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Edging Plants


Picture of creeping phlox plants

Creeping phlox is a popular edging plant.

David Beaulieu

The very name, "edging plants" indicates how these plants are used: they are grown along the edges of various features in the landscape; for example, the edges of driveways.

So to some degree, edging plants are defined by how they are used. But that still leaves us with a question: When landscaping your yard, how do you determine which plants are suitable for use as edging plants? Or to put it another way, how do you exclude the rest as being unsuitable? Well, in part, it depends on your personal tastes, as well as a variety of other factors, including:

  1. What you hope to accomplish by installing the edging plants
  2. The conditions (sun vs. shade, dry soil vs. wet soil, etc.)
  3. Your broader landscape-design goals (such as sticking to a particular color scheme)

Let's elaborate on #1 above, since it is not self-explanatory. Say you have, for example, a stone walkway that you use all the time to bring supplies from the garage to the house. You wish to soften its cold, hard edges with edging plants, but you do not want to impact the functionality of the walkway negatively. Consequently, you would use short plants, perhaps all of one species, massed together to achieve greater visual impact (some of the best choices here will be ground covers). You would also avoid plants that are messy, because having to clean up after them would add to your landscape maintenance.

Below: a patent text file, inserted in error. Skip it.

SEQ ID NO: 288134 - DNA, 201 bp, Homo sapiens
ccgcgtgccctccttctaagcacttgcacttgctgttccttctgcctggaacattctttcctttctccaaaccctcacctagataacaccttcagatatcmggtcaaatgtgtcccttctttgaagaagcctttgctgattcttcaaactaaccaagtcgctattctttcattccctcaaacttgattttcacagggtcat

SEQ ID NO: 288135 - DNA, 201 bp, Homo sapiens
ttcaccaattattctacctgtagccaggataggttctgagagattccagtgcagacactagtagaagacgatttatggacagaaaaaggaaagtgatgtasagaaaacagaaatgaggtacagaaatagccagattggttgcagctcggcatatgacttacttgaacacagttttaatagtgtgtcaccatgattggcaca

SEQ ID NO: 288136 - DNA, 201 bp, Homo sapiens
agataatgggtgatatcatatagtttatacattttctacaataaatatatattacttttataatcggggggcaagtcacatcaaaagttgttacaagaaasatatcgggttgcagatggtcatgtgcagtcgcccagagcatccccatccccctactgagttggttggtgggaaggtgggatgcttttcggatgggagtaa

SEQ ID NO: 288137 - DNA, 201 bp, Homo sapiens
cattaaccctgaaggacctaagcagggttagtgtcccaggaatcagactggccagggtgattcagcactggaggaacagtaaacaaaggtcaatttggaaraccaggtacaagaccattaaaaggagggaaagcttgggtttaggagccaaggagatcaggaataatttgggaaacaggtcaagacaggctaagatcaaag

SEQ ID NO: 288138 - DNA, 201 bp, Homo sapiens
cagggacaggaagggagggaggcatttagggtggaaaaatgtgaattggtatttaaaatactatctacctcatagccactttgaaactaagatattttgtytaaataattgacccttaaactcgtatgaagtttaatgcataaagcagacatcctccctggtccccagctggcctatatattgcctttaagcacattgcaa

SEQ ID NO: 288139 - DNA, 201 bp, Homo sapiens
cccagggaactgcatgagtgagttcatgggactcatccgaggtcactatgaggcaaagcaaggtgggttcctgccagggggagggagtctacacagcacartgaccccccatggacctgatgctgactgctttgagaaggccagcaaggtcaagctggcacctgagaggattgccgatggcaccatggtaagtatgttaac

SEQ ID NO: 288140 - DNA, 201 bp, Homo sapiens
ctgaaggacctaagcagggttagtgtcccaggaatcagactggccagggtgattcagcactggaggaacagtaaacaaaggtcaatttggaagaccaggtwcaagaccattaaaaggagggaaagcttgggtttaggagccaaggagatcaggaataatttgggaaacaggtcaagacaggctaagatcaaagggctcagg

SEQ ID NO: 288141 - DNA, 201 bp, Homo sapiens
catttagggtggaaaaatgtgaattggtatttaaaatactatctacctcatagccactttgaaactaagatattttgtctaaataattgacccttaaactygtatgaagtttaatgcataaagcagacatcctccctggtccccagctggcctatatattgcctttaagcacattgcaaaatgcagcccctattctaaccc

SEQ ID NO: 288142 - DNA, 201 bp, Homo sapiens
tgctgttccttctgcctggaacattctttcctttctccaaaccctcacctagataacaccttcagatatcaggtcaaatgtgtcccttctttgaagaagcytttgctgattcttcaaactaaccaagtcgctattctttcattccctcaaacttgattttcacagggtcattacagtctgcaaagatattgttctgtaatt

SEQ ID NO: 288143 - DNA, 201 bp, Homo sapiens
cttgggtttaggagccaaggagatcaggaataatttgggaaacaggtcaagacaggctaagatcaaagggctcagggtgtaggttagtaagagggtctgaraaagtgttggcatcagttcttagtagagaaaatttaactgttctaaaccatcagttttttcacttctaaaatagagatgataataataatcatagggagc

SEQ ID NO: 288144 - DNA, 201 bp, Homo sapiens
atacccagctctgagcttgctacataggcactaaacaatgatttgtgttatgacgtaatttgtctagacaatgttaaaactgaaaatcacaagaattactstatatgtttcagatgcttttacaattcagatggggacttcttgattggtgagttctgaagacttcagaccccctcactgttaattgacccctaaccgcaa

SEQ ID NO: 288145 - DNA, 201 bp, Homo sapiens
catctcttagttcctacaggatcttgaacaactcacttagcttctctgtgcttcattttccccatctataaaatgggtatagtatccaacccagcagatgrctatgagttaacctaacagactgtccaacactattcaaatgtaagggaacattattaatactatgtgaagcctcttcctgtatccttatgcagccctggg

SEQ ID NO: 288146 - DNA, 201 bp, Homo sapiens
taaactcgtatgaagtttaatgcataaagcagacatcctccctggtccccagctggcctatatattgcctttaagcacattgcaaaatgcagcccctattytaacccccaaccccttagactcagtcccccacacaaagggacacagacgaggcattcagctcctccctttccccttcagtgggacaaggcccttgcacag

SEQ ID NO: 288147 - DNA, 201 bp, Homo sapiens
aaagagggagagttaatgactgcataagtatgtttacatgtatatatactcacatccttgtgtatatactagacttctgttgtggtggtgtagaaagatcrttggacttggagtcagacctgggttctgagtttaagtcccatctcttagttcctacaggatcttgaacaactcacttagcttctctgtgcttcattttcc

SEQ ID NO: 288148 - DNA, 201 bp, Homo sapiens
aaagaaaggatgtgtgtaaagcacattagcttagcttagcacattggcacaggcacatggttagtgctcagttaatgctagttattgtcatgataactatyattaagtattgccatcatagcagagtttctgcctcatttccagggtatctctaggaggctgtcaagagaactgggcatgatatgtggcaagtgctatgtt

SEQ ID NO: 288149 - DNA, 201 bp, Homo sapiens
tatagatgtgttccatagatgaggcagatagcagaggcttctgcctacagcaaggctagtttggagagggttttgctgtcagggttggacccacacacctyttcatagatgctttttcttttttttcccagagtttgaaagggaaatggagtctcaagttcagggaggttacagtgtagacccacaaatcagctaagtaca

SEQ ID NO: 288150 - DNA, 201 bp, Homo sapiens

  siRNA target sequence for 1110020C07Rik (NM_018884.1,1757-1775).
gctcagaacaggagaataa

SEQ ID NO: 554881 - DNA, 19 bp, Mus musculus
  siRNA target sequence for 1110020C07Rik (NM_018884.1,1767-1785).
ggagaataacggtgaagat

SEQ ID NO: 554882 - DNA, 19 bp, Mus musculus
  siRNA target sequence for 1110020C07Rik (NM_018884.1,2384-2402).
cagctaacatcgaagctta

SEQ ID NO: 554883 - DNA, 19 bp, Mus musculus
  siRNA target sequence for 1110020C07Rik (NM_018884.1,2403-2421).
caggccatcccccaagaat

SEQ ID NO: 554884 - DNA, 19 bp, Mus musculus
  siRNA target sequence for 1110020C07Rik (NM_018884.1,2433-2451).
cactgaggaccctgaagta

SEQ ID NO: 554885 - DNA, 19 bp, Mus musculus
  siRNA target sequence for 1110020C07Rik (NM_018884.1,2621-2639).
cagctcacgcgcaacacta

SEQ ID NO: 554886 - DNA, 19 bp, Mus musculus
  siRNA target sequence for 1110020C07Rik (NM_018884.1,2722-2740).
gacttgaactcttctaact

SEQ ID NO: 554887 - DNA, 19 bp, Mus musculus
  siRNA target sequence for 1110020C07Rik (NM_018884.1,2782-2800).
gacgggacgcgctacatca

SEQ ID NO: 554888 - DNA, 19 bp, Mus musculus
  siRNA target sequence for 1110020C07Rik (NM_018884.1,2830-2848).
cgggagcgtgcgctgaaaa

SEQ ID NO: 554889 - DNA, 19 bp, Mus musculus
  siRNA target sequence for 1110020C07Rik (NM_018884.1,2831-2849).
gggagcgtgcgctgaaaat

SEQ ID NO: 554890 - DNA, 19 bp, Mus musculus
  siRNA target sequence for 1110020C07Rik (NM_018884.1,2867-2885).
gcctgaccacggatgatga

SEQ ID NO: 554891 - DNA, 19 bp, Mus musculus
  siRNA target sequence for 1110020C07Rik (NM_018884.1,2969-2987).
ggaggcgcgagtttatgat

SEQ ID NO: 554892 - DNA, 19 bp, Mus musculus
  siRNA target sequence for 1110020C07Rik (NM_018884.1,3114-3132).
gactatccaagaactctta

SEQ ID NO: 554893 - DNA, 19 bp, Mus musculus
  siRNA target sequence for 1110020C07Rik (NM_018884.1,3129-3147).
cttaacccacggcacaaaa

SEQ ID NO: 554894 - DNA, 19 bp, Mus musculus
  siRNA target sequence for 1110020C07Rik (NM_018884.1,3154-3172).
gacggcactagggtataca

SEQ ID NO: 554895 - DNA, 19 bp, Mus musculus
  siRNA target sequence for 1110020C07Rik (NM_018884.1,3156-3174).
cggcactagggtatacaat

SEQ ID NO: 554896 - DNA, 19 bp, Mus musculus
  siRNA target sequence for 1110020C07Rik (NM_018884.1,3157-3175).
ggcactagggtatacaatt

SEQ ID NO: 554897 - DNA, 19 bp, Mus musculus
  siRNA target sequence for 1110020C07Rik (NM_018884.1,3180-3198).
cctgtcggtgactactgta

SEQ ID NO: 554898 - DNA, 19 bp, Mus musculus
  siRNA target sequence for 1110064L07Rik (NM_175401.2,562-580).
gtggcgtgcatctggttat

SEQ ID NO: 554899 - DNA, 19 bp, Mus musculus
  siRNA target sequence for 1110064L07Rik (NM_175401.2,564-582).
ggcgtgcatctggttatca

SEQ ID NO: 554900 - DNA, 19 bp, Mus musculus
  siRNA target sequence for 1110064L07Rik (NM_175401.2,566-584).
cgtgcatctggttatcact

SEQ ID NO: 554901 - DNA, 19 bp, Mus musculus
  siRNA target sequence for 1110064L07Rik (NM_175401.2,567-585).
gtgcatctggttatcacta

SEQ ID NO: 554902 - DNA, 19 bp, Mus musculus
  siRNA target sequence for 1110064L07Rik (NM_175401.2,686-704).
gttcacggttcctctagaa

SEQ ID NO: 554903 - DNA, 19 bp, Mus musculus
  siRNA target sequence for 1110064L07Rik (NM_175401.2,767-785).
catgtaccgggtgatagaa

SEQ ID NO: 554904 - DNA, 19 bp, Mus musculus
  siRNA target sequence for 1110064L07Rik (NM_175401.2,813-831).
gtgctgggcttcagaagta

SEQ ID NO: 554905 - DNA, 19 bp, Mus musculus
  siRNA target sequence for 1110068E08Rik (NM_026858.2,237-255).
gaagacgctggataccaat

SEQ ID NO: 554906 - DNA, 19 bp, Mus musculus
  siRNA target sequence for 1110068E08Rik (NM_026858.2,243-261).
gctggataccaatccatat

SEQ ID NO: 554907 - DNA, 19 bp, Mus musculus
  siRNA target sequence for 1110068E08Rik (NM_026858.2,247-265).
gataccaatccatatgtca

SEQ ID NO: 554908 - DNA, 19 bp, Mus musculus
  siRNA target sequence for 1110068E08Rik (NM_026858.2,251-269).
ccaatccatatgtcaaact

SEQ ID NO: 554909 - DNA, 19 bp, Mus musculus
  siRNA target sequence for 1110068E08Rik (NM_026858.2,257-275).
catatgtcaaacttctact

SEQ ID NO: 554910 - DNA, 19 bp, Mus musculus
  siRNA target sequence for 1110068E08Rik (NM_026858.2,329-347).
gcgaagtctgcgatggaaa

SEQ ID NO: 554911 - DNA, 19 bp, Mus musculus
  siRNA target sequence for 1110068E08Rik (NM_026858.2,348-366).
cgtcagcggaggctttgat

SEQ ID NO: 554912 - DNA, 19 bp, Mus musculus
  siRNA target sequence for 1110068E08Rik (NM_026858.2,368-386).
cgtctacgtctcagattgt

However, consider the following case. Let's say the "edge" in question is the edge of your property: i.e., a property border. If you wish to define it with a row of plants, what you hope to accomplish in so doing may be entirely different than in the case of the walkway. It's not uncommon for homeowners to desire a living privacy fence along a property border, composed, for example, of tall shrubs.

Thus edging plants are also sometimes called "border plants." It's easy to see why, since in common parlance "border" can be synonymous with "edge." But it should be apparent from the foregoing examples just how much confusion can be caused by treating "edging plants" and "border plants" as synonyms. There's a monumental gap between the short plants used to edge a walkway and the tall shrubs required for privacy in a border planting. That's why I like to make a distinction between the two terms, calling the former "edging plants" and the latter "border plants."

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